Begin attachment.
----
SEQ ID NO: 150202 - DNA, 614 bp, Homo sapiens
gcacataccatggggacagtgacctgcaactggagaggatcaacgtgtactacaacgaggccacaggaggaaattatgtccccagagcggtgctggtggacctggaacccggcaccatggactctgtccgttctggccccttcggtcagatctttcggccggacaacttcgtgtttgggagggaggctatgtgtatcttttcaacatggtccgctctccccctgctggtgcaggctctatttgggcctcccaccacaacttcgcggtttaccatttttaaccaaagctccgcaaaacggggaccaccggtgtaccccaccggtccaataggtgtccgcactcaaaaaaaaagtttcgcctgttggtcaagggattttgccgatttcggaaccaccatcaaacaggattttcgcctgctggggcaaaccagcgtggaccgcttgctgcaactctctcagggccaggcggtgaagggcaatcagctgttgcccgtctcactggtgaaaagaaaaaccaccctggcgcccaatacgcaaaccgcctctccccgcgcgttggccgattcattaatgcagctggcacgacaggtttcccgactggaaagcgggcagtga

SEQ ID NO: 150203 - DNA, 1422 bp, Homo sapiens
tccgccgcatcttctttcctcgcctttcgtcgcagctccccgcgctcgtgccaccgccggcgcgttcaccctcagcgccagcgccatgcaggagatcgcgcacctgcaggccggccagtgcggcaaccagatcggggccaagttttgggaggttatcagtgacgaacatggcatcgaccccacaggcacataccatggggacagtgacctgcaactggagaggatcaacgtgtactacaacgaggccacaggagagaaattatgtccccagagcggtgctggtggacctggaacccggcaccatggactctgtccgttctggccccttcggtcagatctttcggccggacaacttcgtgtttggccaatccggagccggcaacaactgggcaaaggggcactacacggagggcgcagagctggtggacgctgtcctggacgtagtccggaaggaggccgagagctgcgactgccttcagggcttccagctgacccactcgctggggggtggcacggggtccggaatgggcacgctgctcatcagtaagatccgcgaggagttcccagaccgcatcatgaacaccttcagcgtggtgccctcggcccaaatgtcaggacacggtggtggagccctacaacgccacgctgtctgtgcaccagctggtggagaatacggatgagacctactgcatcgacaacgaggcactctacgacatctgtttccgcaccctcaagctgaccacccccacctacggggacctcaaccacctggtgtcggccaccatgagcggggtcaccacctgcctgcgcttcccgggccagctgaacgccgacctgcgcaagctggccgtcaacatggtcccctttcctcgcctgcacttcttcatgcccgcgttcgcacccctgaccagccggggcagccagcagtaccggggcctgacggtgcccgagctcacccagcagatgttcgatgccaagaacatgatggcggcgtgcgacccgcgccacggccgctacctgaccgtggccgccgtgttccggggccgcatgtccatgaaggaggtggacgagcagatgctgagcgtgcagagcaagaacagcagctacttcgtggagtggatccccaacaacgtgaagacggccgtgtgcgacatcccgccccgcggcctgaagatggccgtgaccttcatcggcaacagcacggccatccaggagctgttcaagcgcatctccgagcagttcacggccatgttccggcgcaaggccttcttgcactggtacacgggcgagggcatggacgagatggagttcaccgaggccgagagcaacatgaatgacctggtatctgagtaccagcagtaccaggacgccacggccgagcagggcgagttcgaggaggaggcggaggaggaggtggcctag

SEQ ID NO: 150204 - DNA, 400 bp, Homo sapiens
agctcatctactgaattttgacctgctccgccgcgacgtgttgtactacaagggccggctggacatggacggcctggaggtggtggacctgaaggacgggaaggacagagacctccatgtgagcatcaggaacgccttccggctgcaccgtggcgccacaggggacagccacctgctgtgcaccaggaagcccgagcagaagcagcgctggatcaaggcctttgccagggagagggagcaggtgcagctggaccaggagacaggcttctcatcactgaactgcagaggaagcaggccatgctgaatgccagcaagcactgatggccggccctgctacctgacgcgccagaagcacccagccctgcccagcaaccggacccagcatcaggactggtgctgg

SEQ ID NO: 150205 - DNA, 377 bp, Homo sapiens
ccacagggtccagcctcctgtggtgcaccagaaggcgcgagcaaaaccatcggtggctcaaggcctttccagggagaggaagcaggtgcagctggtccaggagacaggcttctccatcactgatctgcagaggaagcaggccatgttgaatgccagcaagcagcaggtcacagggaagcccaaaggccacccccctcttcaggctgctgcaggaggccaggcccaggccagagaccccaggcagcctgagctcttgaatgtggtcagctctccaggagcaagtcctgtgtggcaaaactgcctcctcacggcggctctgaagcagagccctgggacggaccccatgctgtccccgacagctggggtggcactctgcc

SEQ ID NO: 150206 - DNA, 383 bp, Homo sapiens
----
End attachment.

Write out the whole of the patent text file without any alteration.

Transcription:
SEQ ID NO: 150202 - DNA, 614 bp, Homo sapiens
gcacataccatggggacagtgacctgcaactggagaggatcaacgtgtactacaacgaggccacaggaggaaattatgtccccagagcggtgctggtggacctggaacccggcaccatggactctgtccgttctggccccttcggtcagatctttcggccggacaacttcgtgtttgggagggaggctatgtgtatcttttcaacatggtccgctctccccctgctggtgcaggctctatttgggcctcccaccacaacttcgcggtttaccatttttaaccaaagctccgcaaaacggggaccaccggtgtaccccaccggtccaataggtgtccgcactcaaaaaaaaagtttcgcctgttggtcaagggattttgccgatttcggaaccaccatcaaacaggattttcgcctgctggggcaaaccagcgtggaccgcttgctgcaactctctcagggccaggcggtgaagggcaatcagctgttgcccgtctcactggtgaaaagaaaaaccaccctggcgcccaatacgcaaaccgcctctccccgcgcgttggccgattcattaatgcagctggcacgacaggtttcccgactggaaagcgggcagtga

SEQ ID NO: 150203 - DNA, 1422 bp, Homo sapiens
tccgccgcatcttctttcctcgcctttcgtcgcagctccccgcgctcgtgccaccgccggcgcgttcaccctcagcgccagcgccatgcaggagatcgcgcacctgcaggccggccagtgcggcaaccagatcggggccaagttttgggaggttatcagtgacgaacatggcatcgaccccacaggcacataccatggggacagtgacctgcaactggagaggatcaacgtgtactacaacgaggccacaggagagaaattatgtccccagagcggtgctggtggacctggaacccggcaccatggactctgtccgttctggccccttcggtcagatctttcggccggacaacttcgtgtttggccaatccggagccggcaacaactgggcaaaggggcactacacggagggcgcagagctggtggacgctgtcctggacgtagtccggaaggaggccgagagctgcgactgccttcagggcttccagctgacccactcgctggggggtggcacggggtccggaatgggcacgctgctcatcagtaagatccgcgaggagttcccagaccgcatcatgaacaccttcagcgtggtgccctcggcccaaatgtcaggacacggtggtggagccctacaacgccacgctgtctgtgcaccagctggtggagaatacggatgagacctactgcatcgacaacgaggcactctacgacatctgtttccgcaccctcaagctgaccacccccacctacggggacctcaaccacctggtgtcggccaccatgagcggggtcaccacctgcctgcgcttcccgggccagctgaacgccgacctgcgcaagctggccgtcaacatggtcccctttcctcgcctgcacttcttcatgcccgcgttcgcacccctgaccagccggggcagccagcagtaccggggcctgacggtgcccgagctcacccagcagatgttcgatgccaagaacatgatggcggcgtgcgacccgcgccacggccgctacctgaccgtggccgccgtgttccggggccgcatgtccatgaaggaggtggacgagcagatgctgagcgtgcagagcaagaacagcagctacttcgtggagtggatccccaacaacgtgaagacggccgtgtgcgacatcccgccccgcggcctgaagatggccgtgaccttcatcggcaacagcacggccatccaggagctgttcaagcgcatctccgagcagttcacggccatgttccggcgcaaggccttcttgcactggtacacgggcgagggcatggacgagatggagttcaccgaggccgagagcaacatgaatgacctggtatctgagtaccagcagtaccaggacgccacggccgagcagggcgagttcgaggaggaggcggaggaggaggtggcctag

SEQ ID NO: 150204 - DNA, 400 bp, Homo sapiens
agctcatctactgaattttgacctgctccgccgcgacgtgttgtactacaagggccggctggacatggacggcctggaggtggtggacctgaaggacgggaaggacagagacctccatgtgagcatcaggaacgccttccggctgcaccgtggcgccacaggggacagccacctgctgtgcaccaggaagcccgagcagaagcagcgctggatcaaggcctttgccagggagagggagcaggtgcagctggaccaggagacaggcttctcatcactgaactgcagaggaagcaggccatgctgaatgccagcaagcactgatggccggccctgctacctgacgcgccagaagcacccagccctgcccagcaaccggacccagcatcaggactggtgctgg

SEQ ID NO: 150205 - DNA, 377 bp, Homo sapiens
ccacagggtccagcctcctgtggtgcaccagaaggcgcgagcaaaaccatcggtggctcaaggcctttccagggagaggaagcaggtgcagctggtccaggagacaggcttctccatcactgatctgcagaggaagcaggccatgttgaatgccagcaagcagcaggtcacagggaagcccaaaggccacccccctcttcaggctgctgcaggaggccaggcccaggccagagaccccaggcagcctgagctcttgaatgtggtcagctctccaggagcaagtcctgtgtggcaaaactgcctcctcacggcggctctgaagcagagccctgggacggaccccatgctgtccccgacagctggggtggcactctgcc

SEQ ID NO: 150206 - DNA, 383 bp, Homo sapiens